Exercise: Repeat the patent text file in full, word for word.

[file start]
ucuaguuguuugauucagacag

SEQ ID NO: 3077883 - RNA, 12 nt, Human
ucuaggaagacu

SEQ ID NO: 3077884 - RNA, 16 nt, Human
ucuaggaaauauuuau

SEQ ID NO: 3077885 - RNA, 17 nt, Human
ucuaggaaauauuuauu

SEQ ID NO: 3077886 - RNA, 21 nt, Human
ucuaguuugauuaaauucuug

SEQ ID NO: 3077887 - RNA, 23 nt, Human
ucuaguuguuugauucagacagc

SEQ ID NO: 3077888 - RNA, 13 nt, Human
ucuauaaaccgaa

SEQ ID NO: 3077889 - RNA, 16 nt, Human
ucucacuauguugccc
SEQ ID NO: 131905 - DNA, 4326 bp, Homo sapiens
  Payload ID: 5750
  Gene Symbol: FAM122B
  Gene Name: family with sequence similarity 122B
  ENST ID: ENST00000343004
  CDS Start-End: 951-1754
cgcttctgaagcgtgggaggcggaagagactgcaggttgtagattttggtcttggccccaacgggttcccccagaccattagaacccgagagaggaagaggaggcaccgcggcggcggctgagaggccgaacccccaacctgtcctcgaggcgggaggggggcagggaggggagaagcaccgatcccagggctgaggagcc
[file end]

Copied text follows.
ucuaguuguuugauucagacag

SEQ ID NO: 3077883 - RNA, 12 nt, Human
ucuaggaagacu

SEQ ID NO: 3077884 - RNA, 16 nt, Human
ucuaggaaauauuuau

SEQ ID NO: 3077885 - RNA, 17 nt, Human
ucuaggaaauauuuauu

SEQ ID NO: 3077886 - RNA, 21 nt, Human
ucuaguuugauuaaauucuug

SEQ ID NO: 3077887 - RNA, 23 nt, Human
ucuaguuguuugauucagacagc

SEQ ID NO: 3077888 - RNA, 13 nt, Human
ucuauaaaccgaa

SEQ ID NO: 3077889 - RNA, 16 nt, Human
ucucacuauguugccc
SEQ ID NO: 131905 - DNA, 4326 bp, Homo sapiens
  Payload ID: 5750
  Gene Symbol: FAM122B
  Gene Name: family with sequence similarity 122B
  ENST ID: ENST00000343004
  CDS Start-End: 951-1754
cgcttctgaagcgtgggaggcggaagagactgcaggttgtagattttggtcttggccccaacgggttcccccagaccattagaacccgagagaggaagaggaggcaccgcggcggcggctgagaggccgaacccccaacctgtcctcgaggcgggaggggggcagggaggggagaagcaccgatcccagggctgaggagcc